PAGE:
An alternate embodiment of the invention is a well completion method performed in a single trip into a well. The method comprises inserting a service tool into the well to a desired location, gravel packing the well, and circulating fluids within the wellbore through the service tool to dislodge and remove filter cake residue. The gravel packing can comprise flowing a gravel laden slurry through the service tool, thereby selectively depositing gravel within the well. The service tool can define multiple, selectable flow paths through which fluids and slurries can flow. When the service tool is inserted into the well it can be in a first flow path configuration that allows circulation through the service tool. Once the service tool has been inserted to the desired location, the service tool can be reconfigured to a second flow path configuration to enable the gravel packing of the well. After the well has been gravel packed, the service tool can be reconfigured to a third flow path configuration to enable the circulation of fluids within the wellbore, through the service tool, to dislodge and remove filter cake residue. After the circulation of fluids to dislodge and remove filter cake residue, specialty fluids can be spotted at selected locations within the well.

Yet another embodiment is a method of completing a subterranean well performed in a single trip into a wellbore. This method comprises running a service tool into the well, the service tool defining multiple, selectable flow paths and the gravel packing of the well. A different flow path of the service tool is selected followed by the removing of a filter cake from the wellbore by circulating a fluid through the service tool. Specialty fluids are spotted within the wellbore at desired locations prior to the removing of the service string from the well. The gravel packing of the well can comprise flowing a gravel laden slurry through the service tool, thereby selectively depositing gravel within the wellbore. The service tool can be inserted into the well in a first flow path configuration allowing fluid circulation through the service tool. When the service tool has been inserted to the desired location, the service tool can be reconfigured to a second flow path configuration to enable the gravel packing of the well.

In still another embodiment a well completion method performed in a single trip into a well is disclosed. This method comprises inserting a service tool into the well to a desired location and gravel packing the well with a fluid that contains at least one breaker for filtercake removal. Fluids are then circulated or injected within the well through the service tool to displace the breakers away from predetermined downhole equipment. The service tool can be inserted into the well in a first flow path configuration allowing fluid circulation through the service tool. When the service tool has been inserted to the desired location, the service tool can be reconfigured to a second flow path configuration to enable the gravel packing of the well. Once the gravel packing of the well has been performed, the service tool is capable of being reconfigured to a third flow path configuration to enable the circulating of fluids through the service tool.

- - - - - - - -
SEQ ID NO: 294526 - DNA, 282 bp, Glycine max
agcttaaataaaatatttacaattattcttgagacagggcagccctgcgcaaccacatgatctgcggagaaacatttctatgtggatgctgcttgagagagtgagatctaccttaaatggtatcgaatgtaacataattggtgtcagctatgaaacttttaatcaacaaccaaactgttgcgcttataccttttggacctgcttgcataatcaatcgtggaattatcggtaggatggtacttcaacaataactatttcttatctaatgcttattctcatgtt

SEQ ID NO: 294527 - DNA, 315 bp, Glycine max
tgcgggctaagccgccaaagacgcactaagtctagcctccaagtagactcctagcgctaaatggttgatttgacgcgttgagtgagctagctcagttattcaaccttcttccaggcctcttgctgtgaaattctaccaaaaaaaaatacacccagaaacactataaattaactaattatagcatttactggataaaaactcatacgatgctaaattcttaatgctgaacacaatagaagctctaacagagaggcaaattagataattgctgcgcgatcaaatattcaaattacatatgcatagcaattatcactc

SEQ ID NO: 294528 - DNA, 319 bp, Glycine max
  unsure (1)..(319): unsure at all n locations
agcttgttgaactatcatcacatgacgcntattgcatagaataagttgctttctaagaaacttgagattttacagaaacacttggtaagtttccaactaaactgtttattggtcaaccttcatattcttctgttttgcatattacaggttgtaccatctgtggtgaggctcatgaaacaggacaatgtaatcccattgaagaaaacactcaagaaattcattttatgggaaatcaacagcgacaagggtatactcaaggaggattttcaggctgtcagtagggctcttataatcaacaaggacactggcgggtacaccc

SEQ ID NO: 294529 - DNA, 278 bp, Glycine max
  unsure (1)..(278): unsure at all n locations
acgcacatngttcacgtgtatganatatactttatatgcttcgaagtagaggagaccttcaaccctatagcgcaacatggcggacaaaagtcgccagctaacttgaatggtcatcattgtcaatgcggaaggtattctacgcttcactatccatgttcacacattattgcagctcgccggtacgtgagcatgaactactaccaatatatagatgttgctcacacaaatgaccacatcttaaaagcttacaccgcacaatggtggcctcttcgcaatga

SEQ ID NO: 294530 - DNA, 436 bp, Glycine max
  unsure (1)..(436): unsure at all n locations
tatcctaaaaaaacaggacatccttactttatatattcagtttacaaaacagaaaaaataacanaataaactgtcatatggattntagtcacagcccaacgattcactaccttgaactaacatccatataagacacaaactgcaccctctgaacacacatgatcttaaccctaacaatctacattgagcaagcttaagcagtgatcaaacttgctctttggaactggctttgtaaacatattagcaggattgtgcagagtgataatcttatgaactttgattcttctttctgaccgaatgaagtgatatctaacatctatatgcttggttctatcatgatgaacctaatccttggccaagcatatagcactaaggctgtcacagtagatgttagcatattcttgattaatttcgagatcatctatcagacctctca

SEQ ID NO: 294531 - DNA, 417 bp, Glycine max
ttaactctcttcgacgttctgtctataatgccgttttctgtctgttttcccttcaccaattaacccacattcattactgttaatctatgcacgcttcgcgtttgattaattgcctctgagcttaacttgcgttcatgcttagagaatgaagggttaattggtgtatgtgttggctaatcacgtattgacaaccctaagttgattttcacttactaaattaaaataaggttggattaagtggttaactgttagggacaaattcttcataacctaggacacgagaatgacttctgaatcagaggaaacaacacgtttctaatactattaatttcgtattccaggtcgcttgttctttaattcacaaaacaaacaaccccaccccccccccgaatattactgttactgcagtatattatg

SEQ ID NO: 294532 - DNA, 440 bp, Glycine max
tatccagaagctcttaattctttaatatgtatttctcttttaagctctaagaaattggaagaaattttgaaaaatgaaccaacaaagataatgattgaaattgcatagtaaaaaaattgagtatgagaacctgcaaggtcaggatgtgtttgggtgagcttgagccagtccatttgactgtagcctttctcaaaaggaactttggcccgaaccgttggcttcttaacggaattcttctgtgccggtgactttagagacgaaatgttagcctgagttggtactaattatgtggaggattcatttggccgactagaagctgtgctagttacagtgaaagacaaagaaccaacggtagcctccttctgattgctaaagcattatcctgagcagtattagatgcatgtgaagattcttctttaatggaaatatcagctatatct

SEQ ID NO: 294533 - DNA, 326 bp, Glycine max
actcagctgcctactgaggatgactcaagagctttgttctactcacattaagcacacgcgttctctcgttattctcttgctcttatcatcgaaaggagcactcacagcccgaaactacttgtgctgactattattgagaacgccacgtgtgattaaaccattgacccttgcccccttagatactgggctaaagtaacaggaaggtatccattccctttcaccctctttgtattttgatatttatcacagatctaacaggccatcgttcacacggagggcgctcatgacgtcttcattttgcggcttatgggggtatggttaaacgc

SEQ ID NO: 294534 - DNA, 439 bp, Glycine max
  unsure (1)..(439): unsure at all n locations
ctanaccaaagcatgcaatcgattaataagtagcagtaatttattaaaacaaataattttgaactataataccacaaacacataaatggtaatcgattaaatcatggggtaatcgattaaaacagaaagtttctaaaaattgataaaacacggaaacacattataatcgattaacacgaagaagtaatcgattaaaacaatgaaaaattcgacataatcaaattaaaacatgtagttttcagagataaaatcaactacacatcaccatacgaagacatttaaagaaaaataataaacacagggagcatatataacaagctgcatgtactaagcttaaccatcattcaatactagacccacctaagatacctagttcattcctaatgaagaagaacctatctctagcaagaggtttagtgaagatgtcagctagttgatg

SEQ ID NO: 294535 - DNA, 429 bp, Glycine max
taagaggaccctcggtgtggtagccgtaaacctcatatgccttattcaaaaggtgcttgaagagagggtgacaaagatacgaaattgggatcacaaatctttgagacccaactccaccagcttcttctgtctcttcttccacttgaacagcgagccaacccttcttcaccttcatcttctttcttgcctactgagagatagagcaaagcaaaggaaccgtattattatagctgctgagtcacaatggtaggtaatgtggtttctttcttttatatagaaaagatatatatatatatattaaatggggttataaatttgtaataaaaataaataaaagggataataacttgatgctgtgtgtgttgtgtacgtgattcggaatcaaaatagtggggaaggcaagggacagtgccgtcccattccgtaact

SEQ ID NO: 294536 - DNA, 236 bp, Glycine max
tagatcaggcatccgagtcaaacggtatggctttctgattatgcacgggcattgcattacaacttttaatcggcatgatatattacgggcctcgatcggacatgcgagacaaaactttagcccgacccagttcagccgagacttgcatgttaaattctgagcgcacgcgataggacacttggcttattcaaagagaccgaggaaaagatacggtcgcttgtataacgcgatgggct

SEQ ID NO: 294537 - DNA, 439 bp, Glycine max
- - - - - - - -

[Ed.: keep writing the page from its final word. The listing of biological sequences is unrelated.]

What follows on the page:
BRIEF DESCRIPTION OF THE DRAWINGS

FIG. 1 is a cross section view of a typical gravel pack wellbore completion.

FIGS. 2A-E illustrate one embodiment of the present invention in its different configurations.

FIGS. 3A-E illustrate an alternate embodiment of the present invention in its different configurations.

DESCRIPTION OF ILLUSTRATIVE EMBODIMENTS

Referring to the attached drawings, FIG. 1 illustrates a wellbore 10 that has penetrated a subterranean zone 12 that includes a productive formation 14. The wellbore 10 has a casing 16 that has been cemented in place. The casing 16 has a plurality of perforations 18 which allow fluid communication between the wellbore 10 and the productive formation 14. A well tool 20 is positioned within the casing 16 in a position adjacent to the productive formation 14, which is to be gravel packed.

The well tool 20 comprises a tubular member 22 attached to a production packer 24, a cross-over 26, one or more screen elements 28 and optionally a lower packer 30. Blank sections 32 of pipe may be used to properly space the relative positions of each of the components. An annulus area 34 is created between each of the components and the wellbore casing 16. The combination of the well tool 20 and the tubular string extending from the well tool to the surface can be referred to as the production string.